Size acceptance

In a culture that is positively obsessed with thinness, and terrified of the so-called “obesity epidemic” it’s no wonder that so many people develop “an intense fear of gaining weight or becoming fat” or a “self evaluation which is unduly influenced by body shape and weight” which are each a symptom of anorexia and bulimia. You can’t watch televsion, read a magazine, or get together with friends, without hearing something about dieting and weight loss. This pressure to conform to the thin ideal has created a whole generation of chronic dieters who think very little about their true health and instead worry, worry, worry about their weight and shape.

It’s a myth that only thin people are healthy. Health and happiness actually come in every size!

Add to this the many confusing messages about what to eat and what not to eat, and it’s no surprise that many people give up even trying to eat nutritiously, and instead, make their food choices almost solely based on whether they think they’ll gain or lose weight from eating it. When someone falls short of the ideal, which most inevitably will (because let’s face it, we’re not all meant to be thin, just like we’re not all meant to have blue eyes or be tall!) instead of accepting their natural size, more than three quarters of the population will turn to diets, supplements, cleanses, or pills even though NONE of them will keep off any substantial weight for more than a few weeks or months! Low carb, low fat, hydroxy whatever…. five years later, 95% of those who try these methods will weigh MORE than they did before they began the diet!

This is partly because many people have bought into the MISTAKEN BELIEF that being fat is inherently unhealthy, and that everyone CAN and SHOULD be thin! In fact, there is mounting evidence to suggest that a person who enjoys a varied, nutritious meal plan, along with moderate, regular activity and healthy ways of coping with stress, can be healthy whatever they weigh. Similarly, people who don’t get adequate nutrition, activity or stress relief, can be truly unhealthy, even if they are thin!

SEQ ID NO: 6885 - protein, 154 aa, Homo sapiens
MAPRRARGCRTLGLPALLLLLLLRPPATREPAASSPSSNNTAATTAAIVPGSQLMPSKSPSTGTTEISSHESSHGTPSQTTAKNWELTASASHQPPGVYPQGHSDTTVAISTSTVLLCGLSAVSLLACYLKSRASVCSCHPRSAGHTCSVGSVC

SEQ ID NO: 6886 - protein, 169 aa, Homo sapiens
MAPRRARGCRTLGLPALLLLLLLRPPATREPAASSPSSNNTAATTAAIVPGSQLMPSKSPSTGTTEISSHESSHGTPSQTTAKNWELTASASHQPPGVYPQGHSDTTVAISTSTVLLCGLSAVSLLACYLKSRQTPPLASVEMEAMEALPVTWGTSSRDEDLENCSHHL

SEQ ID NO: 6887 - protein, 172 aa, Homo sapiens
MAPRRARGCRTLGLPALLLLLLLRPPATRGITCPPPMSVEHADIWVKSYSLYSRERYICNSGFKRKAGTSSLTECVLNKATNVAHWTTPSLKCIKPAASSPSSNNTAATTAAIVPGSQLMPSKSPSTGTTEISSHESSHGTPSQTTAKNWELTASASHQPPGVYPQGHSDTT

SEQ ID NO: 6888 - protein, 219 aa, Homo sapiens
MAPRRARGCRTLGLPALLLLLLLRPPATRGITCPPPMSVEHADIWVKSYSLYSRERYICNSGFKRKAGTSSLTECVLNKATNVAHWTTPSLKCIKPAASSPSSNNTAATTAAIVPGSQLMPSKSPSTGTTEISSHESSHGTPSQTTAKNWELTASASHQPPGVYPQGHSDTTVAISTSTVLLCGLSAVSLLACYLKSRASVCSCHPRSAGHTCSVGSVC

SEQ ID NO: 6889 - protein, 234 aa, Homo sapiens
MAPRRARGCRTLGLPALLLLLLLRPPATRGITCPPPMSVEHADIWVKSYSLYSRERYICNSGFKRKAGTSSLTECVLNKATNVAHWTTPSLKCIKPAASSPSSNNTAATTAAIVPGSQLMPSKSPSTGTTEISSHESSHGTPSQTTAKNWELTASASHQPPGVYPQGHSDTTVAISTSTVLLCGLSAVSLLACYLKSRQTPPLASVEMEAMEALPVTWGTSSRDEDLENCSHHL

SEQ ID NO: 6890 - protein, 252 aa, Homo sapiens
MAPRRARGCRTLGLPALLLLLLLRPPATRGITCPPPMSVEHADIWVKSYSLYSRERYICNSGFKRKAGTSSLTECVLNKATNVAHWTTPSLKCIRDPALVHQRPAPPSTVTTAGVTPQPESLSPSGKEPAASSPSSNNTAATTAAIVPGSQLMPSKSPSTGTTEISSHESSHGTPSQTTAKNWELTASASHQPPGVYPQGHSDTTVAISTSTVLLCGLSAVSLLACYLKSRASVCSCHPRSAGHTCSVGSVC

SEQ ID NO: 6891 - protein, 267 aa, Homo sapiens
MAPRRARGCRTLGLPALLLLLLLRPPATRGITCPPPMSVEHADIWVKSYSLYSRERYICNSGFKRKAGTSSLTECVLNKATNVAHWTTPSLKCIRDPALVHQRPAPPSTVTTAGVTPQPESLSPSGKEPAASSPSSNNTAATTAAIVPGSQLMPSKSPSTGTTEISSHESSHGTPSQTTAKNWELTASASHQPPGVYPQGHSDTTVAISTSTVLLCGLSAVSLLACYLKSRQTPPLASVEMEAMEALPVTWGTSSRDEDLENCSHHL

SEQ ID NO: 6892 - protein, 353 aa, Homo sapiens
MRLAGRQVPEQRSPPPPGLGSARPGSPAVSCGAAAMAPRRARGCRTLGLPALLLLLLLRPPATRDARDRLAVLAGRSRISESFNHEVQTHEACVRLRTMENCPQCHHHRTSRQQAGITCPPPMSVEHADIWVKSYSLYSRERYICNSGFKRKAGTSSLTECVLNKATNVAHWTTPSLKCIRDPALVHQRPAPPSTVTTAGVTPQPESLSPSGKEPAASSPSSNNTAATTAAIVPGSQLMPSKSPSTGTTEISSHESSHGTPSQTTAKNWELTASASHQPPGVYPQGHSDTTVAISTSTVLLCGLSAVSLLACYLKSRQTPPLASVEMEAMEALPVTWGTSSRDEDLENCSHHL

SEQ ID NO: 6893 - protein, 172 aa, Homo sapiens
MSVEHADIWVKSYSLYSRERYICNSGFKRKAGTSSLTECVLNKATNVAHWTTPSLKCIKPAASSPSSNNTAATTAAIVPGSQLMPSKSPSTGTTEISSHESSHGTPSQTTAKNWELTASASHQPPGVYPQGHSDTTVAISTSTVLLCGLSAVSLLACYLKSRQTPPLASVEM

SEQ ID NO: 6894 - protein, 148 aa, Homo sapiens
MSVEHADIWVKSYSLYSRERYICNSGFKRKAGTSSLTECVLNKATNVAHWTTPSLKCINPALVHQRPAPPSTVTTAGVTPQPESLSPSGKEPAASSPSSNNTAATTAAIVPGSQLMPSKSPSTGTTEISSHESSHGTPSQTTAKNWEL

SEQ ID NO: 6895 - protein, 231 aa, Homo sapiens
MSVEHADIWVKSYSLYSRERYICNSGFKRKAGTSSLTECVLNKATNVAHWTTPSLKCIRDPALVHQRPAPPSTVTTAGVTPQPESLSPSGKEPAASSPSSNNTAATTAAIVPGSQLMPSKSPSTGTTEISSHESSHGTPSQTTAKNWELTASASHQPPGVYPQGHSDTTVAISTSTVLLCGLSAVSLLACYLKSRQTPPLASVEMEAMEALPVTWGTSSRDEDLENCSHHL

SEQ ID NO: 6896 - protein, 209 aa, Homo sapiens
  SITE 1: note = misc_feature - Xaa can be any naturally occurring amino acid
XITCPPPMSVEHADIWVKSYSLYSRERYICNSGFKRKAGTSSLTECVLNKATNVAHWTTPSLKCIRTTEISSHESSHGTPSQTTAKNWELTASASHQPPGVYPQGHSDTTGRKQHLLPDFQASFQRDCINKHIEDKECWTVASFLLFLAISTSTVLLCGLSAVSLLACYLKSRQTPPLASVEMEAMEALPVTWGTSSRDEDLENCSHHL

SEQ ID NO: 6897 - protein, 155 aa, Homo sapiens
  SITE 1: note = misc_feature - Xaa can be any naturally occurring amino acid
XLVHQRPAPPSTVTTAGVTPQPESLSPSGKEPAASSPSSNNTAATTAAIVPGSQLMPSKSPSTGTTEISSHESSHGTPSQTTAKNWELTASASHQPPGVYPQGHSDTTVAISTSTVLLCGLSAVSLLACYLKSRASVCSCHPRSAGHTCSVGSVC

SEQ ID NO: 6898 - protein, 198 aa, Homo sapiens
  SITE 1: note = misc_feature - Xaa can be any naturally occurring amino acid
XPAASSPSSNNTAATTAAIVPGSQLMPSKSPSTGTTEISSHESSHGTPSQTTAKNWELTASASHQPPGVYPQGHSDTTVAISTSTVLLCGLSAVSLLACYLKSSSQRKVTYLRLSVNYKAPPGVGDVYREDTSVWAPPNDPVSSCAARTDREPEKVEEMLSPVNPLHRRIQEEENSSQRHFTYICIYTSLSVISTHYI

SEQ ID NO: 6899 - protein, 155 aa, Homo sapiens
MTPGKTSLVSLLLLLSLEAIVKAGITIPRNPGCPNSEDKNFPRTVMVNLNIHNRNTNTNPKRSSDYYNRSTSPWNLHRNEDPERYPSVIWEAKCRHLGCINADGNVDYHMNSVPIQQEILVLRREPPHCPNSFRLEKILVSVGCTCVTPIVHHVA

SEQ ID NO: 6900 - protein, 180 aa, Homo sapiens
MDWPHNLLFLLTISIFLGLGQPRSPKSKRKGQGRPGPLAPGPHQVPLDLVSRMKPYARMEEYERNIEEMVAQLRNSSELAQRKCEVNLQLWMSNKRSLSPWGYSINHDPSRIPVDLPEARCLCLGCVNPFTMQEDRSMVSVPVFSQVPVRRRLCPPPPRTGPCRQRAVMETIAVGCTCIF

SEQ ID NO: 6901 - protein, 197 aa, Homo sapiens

We also mistakenly believe that people who aren’t thin are somehow less loveable, successful, and happy than skinny people. Again this MISTAKEN BELIEF ignores the fact that the happiest people are those with good self-esteem, good friends and family relationships, and who are accepting of themselves inside and out, regardless of their weight.

A movement is under way, called Health At Every Size, which aims to:
1) provide accurate information about health and weight;
2) put an end of sizism, which is when people get judged by the size of their skin (much the way racists judge people by the color their skin!);
3) educate the public about how profits are made by companies peddling “fear of fat”;
4)Advocate self acceptance based on more than just size and appearance.

I strongly support this approach, and as such, encourage clients to focus on health and happiness instead of weight. This means that no matter what you’re current weight, I do not advocate dieting or focusing on weight loss. Instead, we work together to resist the pressure to be thin, and focus instead on true self-acceptace at any size and shape.

Here are a few facts at a glance, and suggestions to promote acceptance at every size!


  • Thin can’t make you happy, successful, or loveable if you aren’t already!